For antibacterial drugs, we find that the average value to the developer considering whether to start pre-clinical research ranges from a low of -$4.5 million for HABP/VABP to a high of $37.4 million for CABP, falling short of the $100 million threshold. However, when parameter uncertainty is considered, the lower bound of private returns could potentially range from -$23.5 million (HABP/VABP) to -$15.8 million (ABSSSI), substantially lower than the $100 million threshold, and the upper bound from $126.7 (HABP/VABP) to $330.0 million (CABP), considerably above the $100 million threshold. The primary drivers for the observed wide range of results are attributable to, in order of importance, the total market size, the real opportunity cost of capital, and the total time to market model parameters. Value of the incentives to the developers would be higher at later stages of development, meaning that once a drug successfully reaches certain milestones, incentives to further develop it increase. However, we focus on the value at the point the developer is considering whether to start the pre-clinical stage. Note that this study considers the developer’s private value from the point of the current state of science. Assessing advancements in translational research and basic pathogen biology were outside the scope of this project. However, we note that such advancements have the potential to impact private value of a drug at the start of pre-clinical studies. For example, improved understanding of pathogen biology can cut pre-clinical research time and can yield compounds with higher average efficacy entering human trials. To assess the extent to which these private values fall short of the societal importance of drugs, we estimate the potential social value for these antibacterial drugs. Similar to private returns, we find that there is wide variation in the estimated social values across the different indications.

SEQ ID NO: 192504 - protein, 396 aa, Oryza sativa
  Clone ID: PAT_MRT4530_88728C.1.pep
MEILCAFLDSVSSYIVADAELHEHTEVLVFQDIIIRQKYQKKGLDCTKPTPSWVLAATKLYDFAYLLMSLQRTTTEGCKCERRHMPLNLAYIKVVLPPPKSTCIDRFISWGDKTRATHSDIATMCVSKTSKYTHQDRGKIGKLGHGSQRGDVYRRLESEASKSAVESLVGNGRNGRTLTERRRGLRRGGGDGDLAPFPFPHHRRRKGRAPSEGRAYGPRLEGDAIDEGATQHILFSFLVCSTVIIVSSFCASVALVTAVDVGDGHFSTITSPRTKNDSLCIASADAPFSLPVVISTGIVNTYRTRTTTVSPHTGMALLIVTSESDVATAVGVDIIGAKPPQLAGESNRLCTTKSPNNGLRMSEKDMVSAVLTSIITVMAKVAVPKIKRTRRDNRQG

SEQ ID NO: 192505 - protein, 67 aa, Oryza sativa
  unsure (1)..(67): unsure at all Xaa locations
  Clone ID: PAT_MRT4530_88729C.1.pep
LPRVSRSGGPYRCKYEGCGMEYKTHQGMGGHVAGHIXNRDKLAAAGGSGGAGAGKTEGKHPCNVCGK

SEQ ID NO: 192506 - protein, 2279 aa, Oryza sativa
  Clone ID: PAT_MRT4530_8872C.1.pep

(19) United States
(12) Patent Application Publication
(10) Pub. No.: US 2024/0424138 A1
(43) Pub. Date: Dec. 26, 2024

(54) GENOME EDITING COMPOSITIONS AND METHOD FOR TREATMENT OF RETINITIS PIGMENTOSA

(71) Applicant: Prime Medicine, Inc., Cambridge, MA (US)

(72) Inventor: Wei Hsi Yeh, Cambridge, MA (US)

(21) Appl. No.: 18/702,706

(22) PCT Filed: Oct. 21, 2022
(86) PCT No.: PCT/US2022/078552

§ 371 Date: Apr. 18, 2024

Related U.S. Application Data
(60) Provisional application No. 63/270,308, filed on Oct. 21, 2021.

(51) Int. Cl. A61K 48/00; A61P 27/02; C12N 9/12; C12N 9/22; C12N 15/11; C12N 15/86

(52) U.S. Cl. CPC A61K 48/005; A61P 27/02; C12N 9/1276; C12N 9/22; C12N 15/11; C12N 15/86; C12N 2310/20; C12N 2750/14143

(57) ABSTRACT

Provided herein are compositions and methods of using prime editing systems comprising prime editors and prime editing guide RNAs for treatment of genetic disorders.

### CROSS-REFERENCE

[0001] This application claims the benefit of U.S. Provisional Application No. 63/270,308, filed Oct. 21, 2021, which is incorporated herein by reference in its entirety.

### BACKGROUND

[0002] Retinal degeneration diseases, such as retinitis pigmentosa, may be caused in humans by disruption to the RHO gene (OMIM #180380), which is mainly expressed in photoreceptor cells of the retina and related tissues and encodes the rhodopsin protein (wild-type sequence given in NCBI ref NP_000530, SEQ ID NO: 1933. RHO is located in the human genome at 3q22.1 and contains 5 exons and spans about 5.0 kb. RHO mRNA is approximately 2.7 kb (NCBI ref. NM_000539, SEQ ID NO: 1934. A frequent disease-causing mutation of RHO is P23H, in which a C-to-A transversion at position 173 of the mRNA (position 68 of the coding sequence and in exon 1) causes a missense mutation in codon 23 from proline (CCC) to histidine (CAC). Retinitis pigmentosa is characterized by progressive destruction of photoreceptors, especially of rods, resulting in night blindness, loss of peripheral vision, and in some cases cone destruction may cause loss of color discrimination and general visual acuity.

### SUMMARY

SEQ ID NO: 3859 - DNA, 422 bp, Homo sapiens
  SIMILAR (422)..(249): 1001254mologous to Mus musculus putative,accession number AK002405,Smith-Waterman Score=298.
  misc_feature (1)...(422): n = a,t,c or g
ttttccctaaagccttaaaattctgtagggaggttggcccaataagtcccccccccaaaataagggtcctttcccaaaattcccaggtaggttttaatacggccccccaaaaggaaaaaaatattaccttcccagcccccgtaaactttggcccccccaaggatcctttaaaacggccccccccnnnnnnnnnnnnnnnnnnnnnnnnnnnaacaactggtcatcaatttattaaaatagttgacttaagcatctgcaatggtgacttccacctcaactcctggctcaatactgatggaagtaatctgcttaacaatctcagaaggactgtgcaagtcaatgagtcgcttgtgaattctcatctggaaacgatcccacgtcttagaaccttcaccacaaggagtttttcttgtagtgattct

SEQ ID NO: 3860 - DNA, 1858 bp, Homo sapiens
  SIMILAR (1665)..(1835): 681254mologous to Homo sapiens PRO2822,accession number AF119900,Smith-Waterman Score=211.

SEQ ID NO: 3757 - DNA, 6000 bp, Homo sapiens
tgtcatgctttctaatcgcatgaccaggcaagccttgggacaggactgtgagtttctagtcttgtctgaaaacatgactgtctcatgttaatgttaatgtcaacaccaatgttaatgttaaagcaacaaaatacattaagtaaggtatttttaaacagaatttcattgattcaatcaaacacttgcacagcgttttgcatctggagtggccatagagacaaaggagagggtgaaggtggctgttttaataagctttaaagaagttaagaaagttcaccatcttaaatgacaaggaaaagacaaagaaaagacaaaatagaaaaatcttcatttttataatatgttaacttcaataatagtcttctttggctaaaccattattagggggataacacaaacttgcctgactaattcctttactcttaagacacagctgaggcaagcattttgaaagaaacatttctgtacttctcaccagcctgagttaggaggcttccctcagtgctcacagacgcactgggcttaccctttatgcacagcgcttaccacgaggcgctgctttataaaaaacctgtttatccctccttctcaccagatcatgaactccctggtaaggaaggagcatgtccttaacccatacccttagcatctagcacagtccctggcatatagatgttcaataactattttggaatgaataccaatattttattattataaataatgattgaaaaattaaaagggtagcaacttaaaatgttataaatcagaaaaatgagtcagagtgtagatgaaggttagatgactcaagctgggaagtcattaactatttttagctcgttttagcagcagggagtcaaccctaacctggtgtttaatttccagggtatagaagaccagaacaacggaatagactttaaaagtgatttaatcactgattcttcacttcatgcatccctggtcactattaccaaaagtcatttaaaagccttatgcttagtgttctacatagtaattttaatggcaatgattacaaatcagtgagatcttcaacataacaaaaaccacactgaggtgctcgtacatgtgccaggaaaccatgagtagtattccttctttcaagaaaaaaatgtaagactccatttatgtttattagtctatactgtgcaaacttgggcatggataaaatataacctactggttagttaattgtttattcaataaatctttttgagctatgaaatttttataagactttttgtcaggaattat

The primary drivers for the observed wide range of social EPV results are attributable to, in order of importance, the model parameters for the percentage in disease duration for patients that do not respond to commonly used antibacterial drugs; phase 1 clinical trial success probability; pre-clinical R&D success probability, and the real annual social rate of discount.
Despite the high degree of variability, even the lower bounds of these social values are greater than the estimated private ENPVs by orders of magnitude across all of the indications. Moreover, for CABP, CUTI, and HABP/VABP, the 90 percent lower bounds of social values are greater than the 90 percent upper bounds of private values for the same indications.
Using the decision-tree framework developed, we estimate the private and social value for a new ABOM vaccine at $515.1 million (which is greater than the $100 million threshold) and $2.281 billion, respectively. Similarly, the private and social value for new rapid point-of-care diagnostic designed to identify methicillin-resistant Staphylococcus aureus (MRSA) that can cause serious infections is estimated at $329.0 million and $22.1 billion, respectively.
The gap between the current private and public values of drug development suggest that incentives are desirable to stimulate the development of drugs to treat the six indications considered, whether through incentives described in this report or public research investment. However, given the degree of uncertainty associated with different model parameters and the limited scope of this project, it is difficult to ascertain the necessary levels of such incentives. The size of the social benefits from developing a new antibacterial drug is also highly uncertain and based on the improvement in outcomes from a hypothetical new drug.
It is also important to note that simultaneous institution of conservation mechanisms, such as education campaigns to promote prudent use, and other stewardship programs, along with the types of antibacterial drug production incentives considered are likely to alter the incentive levels identified in this study. Conservation incentives, by their very nature, tend to reduce the potential market size for new antibacterial drugs thereby necessitating higher production incentive levels to boost private returns to the $100 million threshold.
Kevin Outterson, Aylin Sertkaya, John T. Eyraud, Anna Birkenback, Calvin Franz, Nyssa Ackerley & Valerie Overton,
Analytical Framework for Examining the Value of Antibacterial Products,
Available at: https://scholarship.law.bu.edu/faculty_scholarship/5